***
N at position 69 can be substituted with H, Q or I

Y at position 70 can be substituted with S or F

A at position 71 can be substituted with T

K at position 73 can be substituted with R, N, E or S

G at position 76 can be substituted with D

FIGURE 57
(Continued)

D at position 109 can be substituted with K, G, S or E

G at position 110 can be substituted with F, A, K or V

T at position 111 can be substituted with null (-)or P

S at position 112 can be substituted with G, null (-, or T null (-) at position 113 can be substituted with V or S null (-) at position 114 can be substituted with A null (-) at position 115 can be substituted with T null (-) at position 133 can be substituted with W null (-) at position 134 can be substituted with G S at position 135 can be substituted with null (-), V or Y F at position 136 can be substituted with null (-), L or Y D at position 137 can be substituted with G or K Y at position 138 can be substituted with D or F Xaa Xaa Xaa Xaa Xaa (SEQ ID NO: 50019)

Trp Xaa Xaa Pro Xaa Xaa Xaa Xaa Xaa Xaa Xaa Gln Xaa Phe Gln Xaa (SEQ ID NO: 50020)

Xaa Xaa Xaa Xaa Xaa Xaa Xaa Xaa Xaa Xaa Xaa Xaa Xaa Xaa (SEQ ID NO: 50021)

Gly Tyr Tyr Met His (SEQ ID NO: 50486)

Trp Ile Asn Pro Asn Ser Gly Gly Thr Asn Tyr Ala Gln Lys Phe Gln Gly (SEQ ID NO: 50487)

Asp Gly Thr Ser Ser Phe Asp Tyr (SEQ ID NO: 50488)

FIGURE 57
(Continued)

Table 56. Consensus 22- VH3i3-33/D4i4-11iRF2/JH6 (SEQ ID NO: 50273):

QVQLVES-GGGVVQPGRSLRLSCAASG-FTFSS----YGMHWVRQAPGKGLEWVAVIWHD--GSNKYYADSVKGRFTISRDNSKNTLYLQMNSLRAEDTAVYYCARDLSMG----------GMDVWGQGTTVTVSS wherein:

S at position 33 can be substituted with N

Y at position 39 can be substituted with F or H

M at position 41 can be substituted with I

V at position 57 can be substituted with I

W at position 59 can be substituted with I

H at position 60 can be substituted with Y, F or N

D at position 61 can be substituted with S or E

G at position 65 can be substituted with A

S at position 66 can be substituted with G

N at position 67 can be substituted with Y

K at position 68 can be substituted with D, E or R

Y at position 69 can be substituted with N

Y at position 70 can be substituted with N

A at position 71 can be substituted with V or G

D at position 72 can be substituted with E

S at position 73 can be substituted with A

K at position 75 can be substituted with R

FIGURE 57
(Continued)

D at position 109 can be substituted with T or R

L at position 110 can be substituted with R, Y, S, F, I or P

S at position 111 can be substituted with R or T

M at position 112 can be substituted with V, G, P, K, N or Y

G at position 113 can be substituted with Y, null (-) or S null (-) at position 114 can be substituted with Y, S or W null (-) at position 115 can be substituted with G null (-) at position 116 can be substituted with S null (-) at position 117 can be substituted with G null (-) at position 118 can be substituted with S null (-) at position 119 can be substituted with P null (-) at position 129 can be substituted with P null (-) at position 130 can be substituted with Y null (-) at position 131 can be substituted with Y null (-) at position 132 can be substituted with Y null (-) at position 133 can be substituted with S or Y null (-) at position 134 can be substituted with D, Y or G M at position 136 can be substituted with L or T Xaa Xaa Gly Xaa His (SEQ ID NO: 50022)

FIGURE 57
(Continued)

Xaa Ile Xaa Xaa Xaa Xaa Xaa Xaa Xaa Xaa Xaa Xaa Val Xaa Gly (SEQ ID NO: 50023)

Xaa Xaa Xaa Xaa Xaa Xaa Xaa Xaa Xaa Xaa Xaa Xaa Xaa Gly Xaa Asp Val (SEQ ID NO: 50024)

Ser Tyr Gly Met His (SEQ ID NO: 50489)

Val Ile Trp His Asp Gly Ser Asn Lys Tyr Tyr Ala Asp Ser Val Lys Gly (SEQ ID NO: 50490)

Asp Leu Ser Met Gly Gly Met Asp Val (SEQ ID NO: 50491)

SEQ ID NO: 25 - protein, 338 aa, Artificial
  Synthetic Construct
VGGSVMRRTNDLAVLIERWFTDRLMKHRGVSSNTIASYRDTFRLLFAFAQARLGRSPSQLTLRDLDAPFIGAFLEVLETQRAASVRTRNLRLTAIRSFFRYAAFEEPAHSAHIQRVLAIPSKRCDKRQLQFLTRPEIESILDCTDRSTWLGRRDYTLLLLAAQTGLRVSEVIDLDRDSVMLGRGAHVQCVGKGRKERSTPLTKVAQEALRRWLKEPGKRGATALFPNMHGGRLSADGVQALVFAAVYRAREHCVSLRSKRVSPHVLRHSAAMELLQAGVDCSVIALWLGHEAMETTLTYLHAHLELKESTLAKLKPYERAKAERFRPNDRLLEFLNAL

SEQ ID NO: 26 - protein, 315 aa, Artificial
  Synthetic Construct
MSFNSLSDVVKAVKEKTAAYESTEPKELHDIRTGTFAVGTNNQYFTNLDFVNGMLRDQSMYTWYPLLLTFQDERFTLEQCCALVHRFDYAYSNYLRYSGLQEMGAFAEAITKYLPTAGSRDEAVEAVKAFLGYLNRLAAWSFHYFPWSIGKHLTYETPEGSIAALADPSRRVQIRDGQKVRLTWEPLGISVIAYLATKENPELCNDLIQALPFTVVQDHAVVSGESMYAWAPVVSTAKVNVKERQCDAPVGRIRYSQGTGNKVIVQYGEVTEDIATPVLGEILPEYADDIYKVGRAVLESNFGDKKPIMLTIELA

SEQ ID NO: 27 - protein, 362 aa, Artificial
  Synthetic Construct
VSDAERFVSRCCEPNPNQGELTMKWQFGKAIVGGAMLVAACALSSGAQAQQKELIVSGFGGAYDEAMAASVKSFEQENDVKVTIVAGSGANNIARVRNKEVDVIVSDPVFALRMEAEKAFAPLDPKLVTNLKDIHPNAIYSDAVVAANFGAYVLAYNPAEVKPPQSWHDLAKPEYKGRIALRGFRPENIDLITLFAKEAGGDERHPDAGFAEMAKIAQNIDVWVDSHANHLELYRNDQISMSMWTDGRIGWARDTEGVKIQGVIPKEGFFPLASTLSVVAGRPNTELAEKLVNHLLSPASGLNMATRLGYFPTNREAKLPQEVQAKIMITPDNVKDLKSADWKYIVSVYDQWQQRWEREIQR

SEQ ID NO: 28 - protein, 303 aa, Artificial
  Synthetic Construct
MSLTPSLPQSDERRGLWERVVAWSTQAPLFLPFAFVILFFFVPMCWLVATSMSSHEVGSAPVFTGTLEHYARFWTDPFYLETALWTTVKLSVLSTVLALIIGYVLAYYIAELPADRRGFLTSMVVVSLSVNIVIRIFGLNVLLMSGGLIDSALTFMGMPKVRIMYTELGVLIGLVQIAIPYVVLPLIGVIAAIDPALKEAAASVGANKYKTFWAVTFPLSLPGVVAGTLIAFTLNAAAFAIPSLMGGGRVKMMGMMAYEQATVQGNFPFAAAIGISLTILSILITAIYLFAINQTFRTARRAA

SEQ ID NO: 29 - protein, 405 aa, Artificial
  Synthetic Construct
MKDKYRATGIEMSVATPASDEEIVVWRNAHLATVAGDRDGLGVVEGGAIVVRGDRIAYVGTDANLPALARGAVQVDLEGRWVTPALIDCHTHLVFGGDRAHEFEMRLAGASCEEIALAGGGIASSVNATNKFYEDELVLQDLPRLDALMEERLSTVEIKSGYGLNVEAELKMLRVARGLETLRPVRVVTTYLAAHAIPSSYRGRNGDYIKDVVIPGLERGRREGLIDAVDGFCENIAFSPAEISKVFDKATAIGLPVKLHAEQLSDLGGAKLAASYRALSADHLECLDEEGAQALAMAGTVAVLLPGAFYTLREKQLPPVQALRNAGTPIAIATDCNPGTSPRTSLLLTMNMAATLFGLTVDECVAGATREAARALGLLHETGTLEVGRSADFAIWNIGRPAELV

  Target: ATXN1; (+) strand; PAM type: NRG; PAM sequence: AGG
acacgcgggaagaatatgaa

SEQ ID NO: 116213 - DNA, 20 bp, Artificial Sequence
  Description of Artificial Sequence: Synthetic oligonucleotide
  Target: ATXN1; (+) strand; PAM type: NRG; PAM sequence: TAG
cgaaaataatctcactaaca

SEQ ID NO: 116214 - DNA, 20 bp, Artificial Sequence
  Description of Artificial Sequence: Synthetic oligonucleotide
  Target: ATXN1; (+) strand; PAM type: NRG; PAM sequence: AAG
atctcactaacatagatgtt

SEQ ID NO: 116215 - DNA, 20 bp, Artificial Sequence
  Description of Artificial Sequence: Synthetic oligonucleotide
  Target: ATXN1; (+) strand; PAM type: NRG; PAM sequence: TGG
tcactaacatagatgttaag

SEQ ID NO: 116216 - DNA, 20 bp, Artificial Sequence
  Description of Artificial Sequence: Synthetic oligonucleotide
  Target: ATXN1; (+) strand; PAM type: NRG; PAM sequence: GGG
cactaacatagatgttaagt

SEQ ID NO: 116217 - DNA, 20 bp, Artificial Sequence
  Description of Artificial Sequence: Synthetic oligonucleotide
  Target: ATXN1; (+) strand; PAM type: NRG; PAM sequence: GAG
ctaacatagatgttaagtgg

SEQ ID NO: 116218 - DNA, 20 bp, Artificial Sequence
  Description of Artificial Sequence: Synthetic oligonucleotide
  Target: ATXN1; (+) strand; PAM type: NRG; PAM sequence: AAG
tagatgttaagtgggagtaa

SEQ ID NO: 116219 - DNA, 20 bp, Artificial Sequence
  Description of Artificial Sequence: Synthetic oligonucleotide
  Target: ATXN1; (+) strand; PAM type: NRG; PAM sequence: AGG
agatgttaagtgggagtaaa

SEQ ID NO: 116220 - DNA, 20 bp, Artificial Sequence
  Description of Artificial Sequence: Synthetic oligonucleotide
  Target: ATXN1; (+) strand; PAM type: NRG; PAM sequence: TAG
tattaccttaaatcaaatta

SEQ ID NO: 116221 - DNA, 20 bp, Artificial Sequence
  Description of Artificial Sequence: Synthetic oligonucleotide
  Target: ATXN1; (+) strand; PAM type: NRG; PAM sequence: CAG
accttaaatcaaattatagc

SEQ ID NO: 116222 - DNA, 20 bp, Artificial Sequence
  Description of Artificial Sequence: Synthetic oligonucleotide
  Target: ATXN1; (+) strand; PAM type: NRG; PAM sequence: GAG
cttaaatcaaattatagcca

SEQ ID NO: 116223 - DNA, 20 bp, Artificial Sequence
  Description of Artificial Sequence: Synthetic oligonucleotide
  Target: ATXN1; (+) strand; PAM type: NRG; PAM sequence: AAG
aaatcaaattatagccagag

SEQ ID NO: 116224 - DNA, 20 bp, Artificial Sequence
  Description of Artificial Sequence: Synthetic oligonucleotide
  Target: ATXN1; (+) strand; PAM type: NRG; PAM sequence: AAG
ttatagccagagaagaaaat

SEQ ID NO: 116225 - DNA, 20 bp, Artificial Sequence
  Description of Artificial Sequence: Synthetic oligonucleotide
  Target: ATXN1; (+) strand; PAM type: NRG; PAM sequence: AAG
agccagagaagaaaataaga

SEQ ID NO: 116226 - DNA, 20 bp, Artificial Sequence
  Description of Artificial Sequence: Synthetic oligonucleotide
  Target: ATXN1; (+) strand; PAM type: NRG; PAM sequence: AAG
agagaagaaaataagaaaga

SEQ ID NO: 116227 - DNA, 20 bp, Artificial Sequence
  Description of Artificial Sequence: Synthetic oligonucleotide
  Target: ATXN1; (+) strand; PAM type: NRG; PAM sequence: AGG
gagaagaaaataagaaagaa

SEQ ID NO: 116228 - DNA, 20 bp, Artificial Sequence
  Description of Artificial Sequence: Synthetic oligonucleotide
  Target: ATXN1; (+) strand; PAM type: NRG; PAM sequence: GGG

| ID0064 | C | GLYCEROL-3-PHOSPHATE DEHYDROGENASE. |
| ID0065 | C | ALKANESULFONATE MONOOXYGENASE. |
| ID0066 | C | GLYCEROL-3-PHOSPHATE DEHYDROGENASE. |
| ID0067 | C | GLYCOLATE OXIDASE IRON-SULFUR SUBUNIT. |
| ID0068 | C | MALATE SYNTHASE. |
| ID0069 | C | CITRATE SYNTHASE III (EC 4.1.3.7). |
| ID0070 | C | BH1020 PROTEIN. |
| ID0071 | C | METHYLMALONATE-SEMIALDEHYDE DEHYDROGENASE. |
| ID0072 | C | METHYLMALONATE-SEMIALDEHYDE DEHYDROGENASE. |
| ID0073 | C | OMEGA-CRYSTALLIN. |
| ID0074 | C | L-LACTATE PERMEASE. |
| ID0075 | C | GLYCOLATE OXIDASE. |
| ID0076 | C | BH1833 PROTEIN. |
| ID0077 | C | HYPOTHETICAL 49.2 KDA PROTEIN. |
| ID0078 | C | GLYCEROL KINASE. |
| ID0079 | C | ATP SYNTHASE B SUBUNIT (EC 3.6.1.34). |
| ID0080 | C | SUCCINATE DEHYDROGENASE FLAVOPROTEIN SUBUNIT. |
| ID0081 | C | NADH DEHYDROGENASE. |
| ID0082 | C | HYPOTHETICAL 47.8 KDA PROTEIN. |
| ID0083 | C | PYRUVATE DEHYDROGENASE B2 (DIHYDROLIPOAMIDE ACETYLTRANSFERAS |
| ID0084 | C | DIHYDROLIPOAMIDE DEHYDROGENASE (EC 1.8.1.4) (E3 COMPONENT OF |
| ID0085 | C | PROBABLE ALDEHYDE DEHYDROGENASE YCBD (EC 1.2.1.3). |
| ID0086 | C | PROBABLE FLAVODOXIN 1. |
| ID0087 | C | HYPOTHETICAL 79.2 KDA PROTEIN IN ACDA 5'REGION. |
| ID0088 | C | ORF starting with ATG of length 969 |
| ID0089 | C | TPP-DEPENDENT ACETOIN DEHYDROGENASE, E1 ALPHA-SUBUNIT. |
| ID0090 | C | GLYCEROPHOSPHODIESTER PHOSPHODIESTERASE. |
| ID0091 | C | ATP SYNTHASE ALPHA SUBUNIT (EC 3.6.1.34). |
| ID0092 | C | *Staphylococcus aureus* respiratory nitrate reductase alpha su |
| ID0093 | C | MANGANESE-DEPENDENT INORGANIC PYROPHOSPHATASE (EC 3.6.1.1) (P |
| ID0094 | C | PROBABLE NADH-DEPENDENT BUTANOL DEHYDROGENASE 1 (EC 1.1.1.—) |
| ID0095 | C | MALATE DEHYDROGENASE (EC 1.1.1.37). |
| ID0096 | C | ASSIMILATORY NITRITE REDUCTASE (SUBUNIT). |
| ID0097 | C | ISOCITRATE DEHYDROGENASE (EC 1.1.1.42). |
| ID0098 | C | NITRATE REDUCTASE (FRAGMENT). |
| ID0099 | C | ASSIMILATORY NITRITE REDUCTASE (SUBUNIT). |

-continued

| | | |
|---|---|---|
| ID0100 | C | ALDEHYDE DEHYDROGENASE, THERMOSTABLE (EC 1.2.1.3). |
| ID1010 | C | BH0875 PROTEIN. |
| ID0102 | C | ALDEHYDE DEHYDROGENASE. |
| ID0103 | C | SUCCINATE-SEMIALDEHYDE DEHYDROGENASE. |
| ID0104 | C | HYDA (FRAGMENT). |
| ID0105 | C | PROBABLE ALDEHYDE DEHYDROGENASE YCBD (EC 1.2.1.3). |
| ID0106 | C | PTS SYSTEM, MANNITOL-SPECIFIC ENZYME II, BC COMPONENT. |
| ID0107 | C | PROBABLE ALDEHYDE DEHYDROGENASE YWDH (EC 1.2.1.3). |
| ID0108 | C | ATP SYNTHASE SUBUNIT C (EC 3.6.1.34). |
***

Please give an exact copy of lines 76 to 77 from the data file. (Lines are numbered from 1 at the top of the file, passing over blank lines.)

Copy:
atctcactaacatagatgtt

SEQ ID NO: 116215 - DNA, 20 bp, Artificial Sequence